Abstract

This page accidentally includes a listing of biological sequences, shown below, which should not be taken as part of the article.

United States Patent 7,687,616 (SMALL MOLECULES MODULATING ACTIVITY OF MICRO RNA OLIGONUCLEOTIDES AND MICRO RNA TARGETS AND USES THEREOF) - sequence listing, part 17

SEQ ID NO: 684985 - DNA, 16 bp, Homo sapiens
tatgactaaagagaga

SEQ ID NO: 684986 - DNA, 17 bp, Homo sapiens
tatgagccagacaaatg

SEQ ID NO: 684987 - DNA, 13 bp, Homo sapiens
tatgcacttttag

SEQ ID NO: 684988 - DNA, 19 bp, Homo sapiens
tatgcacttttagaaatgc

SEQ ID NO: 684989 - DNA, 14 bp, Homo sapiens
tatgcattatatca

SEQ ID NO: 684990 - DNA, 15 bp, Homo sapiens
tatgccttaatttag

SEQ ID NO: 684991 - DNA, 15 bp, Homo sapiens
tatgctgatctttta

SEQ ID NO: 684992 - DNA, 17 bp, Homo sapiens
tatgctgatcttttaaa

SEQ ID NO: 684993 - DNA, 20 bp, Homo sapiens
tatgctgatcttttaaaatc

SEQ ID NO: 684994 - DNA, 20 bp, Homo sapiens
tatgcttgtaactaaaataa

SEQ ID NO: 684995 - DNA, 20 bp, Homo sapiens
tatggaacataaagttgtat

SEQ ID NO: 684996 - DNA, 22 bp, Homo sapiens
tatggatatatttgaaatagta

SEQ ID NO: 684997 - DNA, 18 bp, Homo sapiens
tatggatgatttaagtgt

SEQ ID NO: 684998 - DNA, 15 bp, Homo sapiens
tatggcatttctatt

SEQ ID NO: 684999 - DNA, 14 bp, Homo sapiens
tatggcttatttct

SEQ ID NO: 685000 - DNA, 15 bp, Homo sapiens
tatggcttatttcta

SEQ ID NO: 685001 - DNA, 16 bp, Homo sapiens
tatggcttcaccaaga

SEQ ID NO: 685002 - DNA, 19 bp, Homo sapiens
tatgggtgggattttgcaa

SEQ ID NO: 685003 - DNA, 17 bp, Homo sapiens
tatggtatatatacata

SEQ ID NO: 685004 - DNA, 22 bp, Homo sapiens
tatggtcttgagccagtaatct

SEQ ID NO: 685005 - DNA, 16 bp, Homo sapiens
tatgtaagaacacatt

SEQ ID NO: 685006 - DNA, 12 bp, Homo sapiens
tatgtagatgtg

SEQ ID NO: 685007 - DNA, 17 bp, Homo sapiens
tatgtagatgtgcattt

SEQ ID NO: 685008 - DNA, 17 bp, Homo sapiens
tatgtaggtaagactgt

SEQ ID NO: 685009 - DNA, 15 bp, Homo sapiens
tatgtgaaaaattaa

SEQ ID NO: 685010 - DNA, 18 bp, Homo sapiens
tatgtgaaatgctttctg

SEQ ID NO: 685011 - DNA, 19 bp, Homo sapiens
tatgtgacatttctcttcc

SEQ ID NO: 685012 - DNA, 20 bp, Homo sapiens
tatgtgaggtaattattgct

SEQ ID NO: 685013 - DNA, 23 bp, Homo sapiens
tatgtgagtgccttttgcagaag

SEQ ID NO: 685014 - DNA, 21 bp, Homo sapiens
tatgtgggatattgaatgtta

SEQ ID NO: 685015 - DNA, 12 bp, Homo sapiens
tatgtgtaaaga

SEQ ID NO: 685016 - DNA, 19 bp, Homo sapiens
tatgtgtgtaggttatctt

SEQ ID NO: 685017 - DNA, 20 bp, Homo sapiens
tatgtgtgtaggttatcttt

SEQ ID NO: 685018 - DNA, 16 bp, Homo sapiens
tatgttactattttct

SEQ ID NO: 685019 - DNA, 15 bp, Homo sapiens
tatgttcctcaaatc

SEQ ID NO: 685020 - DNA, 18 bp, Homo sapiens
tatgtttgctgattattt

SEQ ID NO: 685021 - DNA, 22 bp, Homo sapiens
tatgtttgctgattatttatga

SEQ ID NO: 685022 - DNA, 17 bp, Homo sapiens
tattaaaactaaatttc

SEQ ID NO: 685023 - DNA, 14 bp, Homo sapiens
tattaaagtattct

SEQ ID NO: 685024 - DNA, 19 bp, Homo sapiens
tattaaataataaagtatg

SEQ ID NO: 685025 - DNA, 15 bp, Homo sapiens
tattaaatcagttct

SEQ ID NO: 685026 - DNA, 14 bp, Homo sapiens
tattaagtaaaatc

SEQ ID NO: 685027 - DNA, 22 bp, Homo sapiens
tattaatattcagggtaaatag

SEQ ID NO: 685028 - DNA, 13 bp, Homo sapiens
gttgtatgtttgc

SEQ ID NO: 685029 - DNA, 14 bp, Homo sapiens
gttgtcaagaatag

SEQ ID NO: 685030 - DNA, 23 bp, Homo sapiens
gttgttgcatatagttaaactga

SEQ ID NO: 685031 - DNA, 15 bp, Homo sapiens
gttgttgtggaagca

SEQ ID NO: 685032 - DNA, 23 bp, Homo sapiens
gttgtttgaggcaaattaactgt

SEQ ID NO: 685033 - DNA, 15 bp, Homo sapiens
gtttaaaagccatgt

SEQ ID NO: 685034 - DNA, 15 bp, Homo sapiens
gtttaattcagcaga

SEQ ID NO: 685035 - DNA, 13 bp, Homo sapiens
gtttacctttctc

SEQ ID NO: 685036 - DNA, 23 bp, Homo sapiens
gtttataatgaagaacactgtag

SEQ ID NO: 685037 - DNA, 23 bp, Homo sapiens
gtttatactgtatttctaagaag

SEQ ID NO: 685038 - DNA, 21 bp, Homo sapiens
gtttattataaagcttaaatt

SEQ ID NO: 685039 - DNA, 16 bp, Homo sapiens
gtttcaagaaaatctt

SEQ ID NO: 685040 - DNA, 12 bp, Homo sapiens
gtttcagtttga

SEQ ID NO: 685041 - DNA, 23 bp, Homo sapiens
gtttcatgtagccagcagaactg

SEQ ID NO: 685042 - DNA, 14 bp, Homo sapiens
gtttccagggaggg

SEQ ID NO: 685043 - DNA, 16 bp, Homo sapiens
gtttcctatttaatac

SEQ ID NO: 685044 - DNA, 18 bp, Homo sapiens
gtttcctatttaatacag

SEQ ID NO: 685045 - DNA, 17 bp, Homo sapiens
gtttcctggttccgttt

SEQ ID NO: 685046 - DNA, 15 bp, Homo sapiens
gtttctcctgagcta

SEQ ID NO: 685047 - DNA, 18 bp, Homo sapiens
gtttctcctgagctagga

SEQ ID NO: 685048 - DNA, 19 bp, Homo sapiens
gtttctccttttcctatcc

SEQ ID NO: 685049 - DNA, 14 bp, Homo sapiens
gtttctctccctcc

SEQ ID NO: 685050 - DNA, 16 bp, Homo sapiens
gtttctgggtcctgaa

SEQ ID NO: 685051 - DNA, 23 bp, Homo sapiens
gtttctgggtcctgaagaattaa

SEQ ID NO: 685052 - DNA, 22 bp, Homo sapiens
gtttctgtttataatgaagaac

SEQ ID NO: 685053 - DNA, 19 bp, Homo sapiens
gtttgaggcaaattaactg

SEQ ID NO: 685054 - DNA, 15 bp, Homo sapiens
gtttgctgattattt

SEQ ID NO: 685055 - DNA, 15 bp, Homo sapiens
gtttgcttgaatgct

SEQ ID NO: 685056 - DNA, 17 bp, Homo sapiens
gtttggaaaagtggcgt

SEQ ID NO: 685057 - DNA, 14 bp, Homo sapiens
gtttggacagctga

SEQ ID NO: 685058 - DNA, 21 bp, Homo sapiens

Sanganguey Volcano, located in the northwestern segment of the Mexican Volcanic Belt, is a calc-alkaline stratovolcano that has erupted a chemically continuous suite of andesites and dacites during the past 200,000 yr. Alkalic volcanism, however, appears to have been predominant in the area since the Pliocene. Alkalic basalts and their derivatives erupted along extensional fractures trending northwest through Sanganguey, and continued to erupt through the flanks of the stratocone following cessation of calc-alkaline activity. The calc-alkaline andesite-dacite volcanism was focused beneath Sanganguey and appears to have been controlled by crystal fractionation in a shallow magma chamber. No basalts that erupted in the area have chemical compositions that could be parental to the Sanganguey calc-alkaline suite. The most basic calc-alkaline rocks (basaltic andesites) have incompatible trace-element concentrations nearly identical to the most basic alkaline rocks, implying that the two suites were derived from distinct parental magmas. Alternatively, it is suggested that stagnation of mantle-derived alkalic basalts provided heat input to mobilize lower crustal rocks, resulting in the generation of calc-alkaline magmas.

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